FRANKFURT – Euro zone inflation shot past expectations in October to hit a 13-year high, worsening a policy headache for the European Central Bank, which has consistently underestimated consumer price growth over the past year.
Inflation in the 19 countries sharing the euro rose to 4.1% in October, up from 3.4% a month earlier and ahead of a consensus forecast of 3.7%.
It was driven by higher energy prices, tax hikes and growing price pressures from supply bottlenecks that are constraining industrial production, particularly in car manufacturing, data from Eurostat showed on Friday.
The figure is the highest since July 2008 and equals the fastest rate since the data series, known as the harmonised index of consumer prices, was launched in 1997.
Energy prices alone were up 23% compared to a year earlier, making by far the biggest contribution to inflation. Services, which had shown anaemic price growth for years, saw inflation of 2.1%.
At 4.1%, consumer price growth is now more than twice the ECB’s target and will likely accelerate further in the coming months before a slow retreat next year when some technical one-off drivers get knocked out of year-earlier figures, analysts and ECB policymakers predict.
But all indicators suggest that inflation will decline more slowly than policymakers once thought, raising the risk that high prices, even if temporary, would become entrenched in wages and corporate pricing structures.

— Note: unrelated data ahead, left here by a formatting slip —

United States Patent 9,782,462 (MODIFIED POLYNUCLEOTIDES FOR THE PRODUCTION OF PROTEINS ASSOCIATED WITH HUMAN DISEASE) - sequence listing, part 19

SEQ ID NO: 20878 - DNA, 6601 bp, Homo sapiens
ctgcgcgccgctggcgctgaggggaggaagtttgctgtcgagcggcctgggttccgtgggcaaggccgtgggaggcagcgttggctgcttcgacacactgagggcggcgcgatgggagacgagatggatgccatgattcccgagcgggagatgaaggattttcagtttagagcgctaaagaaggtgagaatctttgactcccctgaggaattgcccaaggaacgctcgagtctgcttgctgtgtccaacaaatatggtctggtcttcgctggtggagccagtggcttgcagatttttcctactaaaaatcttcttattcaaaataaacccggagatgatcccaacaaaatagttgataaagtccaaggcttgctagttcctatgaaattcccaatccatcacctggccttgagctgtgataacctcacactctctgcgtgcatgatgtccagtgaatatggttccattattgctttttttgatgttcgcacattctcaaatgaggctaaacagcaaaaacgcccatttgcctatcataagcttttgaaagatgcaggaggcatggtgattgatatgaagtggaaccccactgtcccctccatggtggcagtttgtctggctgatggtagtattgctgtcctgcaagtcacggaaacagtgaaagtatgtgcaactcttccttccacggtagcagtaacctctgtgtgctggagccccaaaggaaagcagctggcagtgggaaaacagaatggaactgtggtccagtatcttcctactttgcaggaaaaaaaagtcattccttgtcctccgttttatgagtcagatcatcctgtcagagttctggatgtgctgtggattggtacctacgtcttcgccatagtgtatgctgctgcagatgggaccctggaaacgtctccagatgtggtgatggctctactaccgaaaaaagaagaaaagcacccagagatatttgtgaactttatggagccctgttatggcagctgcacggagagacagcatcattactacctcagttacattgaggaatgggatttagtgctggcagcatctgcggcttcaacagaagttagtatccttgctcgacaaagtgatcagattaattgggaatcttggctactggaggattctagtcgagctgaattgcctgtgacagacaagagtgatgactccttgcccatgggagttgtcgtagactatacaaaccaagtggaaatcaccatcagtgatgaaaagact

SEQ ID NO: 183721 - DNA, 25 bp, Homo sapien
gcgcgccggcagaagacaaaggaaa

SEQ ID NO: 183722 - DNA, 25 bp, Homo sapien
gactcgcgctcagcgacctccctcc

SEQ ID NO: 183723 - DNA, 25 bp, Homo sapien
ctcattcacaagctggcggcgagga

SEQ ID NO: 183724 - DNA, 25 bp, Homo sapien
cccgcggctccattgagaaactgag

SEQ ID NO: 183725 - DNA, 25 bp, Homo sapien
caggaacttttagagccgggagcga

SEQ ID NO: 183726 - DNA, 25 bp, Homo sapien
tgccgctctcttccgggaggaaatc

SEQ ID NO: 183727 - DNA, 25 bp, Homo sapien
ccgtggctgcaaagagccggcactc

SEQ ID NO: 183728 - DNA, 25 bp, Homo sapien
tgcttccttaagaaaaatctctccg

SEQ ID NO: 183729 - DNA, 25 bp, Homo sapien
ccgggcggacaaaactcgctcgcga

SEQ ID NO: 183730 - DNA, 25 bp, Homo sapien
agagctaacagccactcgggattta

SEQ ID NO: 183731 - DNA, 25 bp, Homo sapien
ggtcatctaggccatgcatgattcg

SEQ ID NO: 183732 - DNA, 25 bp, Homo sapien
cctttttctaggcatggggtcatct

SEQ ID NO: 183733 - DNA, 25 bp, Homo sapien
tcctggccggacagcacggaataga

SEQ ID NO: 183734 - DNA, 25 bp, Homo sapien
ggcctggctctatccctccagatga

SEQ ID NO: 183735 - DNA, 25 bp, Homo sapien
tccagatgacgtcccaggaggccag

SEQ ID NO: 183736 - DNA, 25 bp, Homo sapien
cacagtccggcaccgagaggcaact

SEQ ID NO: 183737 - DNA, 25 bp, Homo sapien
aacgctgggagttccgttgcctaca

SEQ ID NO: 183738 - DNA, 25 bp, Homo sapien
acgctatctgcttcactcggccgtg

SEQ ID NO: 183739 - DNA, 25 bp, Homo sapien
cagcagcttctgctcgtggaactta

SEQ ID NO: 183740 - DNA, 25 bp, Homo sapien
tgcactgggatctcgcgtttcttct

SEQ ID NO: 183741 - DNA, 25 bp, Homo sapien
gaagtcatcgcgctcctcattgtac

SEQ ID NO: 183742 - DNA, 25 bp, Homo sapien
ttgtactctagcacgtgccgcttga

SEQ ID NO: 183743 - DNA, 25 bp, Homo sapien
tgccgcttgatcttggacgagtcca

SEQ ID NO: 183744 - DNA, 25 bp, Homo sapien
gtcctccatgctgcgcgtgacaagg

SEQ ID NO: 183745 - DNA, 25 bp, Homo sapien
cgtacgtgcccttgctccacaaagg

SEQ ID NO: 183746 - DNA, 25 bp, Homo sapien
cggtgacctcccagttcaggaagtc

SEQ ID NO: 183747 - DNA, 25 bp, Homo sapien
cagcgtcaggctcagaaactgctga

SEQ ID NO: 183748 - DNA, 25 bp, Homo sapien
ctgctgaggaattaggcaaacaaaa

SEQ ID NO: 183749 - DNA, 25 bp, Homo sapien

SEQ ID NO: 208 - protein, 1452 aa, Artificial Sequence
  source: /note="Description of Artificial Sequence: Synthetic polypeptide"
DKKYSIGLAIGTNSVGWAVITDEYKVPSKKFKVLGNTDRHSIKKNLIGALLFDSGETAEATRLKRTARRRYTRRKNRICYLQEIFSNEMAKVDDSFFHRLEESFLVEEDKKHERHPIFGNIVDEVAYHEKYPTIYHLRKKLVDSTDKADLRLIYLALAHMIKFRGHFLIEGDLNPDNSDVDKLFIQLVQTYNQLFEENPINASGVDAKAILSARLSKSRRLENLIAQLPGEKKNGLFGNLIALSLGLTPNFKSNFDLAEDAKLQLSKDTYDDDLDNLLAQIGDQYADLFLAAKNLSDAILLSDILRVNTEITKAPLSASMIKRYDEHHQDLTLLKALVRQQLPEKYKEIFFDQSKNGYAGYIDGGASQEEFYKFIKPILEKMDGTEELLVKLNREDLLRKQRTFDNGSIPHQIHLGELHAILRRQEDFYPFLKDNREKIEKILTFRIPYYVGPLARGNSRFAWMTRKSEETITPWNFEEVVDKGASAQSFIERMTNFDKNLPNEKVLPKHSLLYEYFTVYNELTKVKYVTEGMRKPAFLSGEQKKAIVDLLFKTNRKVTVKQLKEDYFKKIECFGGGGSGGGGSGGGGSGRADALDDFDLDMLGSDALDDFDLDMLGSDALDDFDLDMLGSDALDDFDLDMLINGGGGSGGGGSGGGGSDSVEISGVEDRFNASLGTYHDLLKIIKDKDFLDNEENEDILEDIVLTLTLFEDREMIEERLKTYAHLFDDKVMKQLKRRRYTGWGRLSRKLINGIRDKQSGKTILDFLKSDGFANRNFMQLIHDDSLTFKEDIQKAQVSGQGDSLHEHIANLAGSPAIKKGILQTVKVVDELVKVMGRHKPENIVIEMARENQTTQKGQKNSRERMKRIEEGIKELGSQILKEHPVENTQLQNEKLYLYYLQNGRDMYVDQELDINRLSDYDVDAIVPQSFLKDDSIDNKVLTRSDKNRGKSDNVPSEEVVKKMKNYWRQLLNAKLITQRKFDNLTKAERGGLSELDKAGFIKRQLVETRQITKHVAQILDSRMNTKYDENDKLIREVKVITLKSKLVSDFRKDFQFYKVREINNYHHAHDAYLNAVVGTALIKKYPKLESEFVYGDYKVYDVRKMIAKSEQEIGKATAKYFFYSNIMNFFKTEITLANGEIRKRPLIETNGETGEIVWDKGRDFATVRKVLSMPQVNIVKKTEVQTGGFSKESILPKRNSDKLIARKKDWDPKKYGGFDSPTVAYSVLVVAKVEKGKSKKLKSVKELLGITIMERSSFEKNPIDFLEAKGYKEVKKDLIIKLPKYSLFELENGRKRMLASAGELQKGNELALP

Indeed, ECB President Christine Lagarde took a more cautious tone on inflation on Thursday, warning that supply disruptions would last longer than once thought, keeping consumer price growth higher for longer and putting pressure on wages.
Underlying prices, a key focus for policymakers as they exclude volatile food and energy prices, also accelerated above the ECB’s target.
Core inflation excluding food and fuel prices and a narrower measure that also excludes alcohol and tobacco products, both picked up to 2.1% from 1.9%.
Adding to inflation concerns, an ECB survey on Friday indicated that over 30% of companies surveyed by the bank expected supply constraints and higher input costs to last for another year or longer, while a slightly lower percentage of respondents predicted difficulties would last another six to 12 months.
Firms also reported “a scarcity of applicants” for jobs as people changed profession, country or lifestyle, which was likely to result in wage increases.